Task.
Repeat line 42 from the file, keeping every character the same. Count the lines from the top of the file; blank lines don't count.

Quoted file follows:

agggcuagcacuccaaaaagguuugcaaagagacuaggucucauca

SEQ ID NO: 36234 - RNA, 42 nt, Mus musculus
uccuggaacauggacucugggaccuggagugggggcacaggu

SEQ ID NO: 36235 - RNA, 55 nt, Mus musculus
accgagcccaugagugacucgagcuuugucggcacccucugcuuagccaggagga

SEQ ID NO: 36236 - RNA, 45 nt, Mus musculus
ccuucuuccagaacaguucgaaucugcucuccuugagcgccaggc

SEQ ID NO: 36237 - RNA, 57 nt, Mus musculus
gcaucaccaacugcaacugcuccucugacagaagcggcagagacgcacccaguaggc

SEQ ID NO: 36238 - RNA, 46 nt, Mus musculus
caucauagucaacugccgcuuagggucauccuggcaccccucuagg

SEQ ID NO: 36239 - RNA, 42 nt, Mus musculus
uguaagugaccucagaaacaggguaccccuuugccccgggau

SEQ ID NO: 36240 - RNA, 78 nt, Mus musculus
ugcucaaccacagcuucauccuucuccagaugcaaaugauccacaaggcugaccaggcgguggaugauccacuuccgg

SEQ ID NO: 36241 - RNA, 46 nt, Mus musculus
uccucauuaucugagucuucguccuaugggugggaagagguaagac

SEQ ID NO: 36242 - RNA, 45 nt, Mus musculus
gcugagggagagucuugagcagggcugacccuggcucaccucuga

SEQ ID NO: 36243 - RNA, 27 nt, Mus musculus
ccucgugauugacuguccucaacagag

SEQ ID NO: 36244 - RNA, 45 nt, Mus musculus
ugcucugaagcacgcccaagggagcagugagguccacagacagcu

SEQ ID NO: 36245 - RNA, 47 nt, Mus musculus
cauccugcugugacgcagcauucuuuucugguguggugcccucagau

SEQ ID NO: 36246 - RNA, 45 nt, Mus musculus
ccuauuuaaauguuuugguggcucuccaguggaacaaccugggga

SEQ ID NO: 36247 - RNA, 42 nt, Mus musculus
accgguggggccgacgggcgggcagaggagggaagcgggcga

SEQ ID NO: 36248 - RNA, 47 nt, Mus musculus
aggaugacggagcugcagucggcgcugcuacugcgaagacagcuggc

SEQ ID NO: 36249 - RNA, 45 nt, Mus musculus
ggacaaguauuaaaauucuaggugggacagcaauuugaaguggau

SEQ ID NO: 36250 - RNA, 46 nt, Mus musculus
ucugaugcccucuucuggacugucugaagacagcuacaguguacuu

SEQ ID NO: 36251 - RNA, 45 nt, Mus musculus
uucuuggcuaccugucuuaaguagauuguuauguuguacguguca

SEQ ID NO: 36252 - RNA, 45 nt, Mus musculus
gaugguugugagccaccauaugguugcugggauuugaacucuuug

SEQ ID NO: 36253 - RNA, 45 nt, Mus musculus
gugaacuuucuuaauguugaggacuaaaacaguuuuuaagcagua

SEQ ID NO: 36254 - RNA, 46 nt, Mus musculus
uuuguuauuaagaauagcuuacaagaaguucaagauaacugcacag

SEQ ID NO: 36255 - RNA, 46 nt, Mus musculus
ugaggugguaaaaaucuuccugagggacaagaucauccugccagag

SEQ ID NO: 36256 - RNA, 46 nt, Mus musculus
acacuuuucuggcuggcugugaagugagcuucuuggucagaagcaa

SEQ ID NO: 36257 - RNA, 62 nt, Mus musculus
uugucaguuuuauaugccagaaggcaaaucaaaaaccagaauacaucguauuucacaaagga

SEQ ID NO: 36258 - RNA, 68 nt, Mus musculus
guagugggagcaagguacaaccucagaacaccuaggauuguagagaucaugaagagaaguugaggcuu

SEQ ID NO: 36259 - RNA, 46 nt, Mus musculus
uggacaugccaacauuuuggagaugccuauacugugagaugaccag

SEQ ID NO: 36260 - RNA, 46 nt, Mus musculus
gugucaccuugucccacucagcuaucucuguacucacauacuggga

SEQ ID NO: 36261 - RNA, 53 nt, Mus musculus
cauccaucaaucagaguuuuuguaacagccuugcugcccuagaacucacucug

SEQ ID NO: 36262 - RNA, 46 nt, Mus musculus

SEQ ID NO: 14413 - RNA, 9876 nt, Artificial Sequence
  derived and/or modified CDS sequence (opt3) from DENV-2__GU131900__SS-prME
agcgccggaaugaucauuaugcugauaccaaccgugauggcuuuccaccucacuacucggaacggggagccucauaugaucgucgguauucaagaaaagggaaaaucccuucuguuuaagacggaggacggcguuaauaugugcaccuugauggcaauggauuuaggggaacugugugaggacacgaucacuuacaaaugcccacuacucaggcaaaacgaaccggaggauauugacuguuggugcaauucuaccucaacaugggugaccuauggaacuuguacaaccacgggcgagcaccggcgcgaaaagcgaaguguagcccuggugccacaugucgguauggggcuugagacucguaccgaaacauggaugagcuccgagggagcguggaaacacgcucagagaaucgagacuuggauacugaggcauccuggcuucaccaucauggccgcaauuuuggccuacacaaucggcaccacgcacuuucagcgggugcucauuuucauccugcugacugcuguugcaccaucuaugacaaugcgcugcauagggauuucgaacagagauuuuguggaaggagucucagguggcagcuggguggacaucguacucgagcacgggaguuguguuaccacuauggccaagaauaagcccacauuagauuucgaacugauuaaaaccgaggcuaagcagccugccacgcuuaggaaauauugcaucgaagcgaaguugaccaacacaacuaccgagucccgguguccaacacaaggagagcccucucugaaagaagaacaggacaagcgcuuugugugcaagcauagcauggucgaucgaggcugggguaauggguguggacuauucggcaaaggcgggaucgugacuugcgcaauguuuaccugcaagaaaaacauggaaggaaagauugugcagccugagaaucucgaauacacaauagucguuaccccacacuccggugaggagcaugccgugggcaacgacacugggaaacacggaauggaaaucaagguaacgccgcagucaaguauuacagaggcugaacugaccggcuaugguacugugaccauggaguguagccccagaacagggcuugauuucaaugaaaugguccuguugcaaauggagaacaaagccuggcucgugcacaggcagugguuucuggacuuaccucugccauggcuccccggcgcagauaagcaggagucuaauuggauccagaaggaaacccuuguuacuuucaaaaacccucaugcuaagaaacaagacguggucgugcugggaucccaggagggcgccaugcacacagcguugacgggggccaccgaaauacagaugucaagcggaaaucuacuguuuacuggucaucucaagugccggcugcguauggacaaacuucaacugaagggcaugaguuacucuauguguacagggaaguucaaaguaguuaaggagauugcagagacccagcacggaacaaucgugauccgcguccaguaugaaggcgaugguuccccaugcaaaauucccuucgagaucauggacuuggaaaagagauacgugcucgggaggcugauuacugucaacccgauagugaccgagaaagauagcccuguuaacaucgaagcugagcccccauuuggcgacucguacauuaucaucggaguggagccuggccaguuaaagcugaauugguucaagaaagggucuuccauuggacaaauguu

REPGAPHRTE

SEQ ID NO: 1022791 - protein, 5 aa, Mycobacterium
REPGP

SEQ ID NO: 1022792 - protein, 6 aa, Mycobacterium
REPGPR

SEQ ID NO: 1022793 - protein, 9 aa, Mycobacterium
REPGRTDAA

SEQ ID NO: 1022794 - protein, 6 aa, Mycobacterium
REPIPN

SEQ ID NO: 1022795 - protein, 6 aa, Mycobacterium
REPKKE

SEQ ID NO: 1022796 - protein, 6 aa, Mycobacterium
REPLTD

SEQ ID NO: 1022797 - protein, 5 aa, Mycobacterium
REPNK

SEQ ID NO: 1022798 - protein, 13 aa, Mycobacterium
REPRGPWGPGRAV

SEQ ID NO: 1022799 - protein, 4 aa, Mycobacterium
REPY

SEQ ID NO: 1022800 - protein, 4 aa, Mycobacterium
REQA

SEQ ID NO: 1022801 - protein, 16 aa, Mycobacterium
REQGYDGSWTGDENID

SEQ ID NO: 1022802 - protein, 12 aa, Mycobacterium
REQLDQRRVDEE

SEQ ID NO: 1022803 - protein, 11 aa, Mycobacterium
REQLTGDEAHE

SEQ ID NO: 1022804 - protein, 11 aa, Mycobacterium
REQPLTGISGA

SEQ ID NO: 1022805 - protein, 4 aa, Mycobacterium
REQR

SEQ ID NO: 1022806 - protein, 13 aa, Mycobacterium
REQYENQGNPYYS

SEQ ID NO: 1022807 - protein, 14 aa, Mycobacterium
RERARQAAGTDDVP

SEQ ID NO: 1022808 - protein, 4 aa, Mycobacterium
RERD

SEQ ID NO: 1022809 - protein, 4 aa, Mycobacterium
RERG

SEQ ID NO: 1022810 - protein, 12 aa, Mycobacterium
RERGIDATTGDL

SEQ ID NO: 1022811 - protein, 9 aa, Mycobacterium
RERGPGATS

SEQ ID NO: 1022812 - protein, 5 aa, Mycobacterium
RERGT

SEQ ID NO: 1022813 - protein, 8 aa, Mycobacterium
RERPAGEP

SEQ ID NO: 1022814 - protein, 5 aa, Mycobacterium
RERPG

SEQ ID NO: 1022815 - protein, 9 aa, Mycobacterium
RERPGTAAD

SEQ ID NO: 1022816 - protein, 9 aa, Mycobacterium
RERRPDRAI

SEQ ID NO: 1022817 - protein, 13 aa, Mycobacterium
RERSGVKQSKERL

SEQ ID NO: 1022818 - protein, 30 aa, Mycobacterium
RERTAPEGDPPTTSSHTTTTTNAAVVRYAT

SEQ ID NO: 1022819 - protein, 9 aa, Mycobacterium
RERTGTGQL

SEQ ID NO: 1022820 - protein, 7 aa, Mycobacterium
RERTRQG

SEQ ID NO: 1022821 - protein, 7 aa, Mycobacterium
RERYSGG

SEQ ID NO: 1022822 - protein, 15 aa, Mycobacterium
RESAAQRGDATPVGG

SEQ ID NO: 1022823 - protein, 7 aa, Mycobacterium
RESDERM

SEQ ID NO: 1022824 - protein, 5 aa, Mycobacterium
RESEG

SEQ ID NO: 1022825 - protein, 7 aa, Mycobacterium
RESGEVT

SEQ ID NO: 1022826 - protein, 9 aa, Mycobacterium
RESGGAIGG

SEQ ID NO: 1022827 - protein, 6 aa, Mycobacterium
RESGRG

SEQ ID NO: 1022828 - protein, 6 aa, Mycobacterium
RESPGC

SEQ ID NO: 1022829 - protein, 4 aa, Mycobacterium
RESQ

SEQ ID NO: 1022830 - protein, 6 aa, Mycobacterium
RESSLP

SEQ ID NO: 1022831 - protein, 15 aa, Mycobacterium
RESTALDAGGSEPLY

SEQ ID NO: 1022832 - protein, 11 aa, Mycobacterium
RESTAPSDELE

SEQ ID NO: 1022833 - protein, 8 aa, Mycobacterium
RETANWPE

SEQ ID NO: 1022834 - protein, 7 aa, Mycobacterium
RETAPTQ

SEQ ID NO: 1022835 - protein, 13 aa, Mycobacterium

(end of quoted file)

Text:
SEQ ID NO: 36254 - RNA, 46 nt, Mus musculus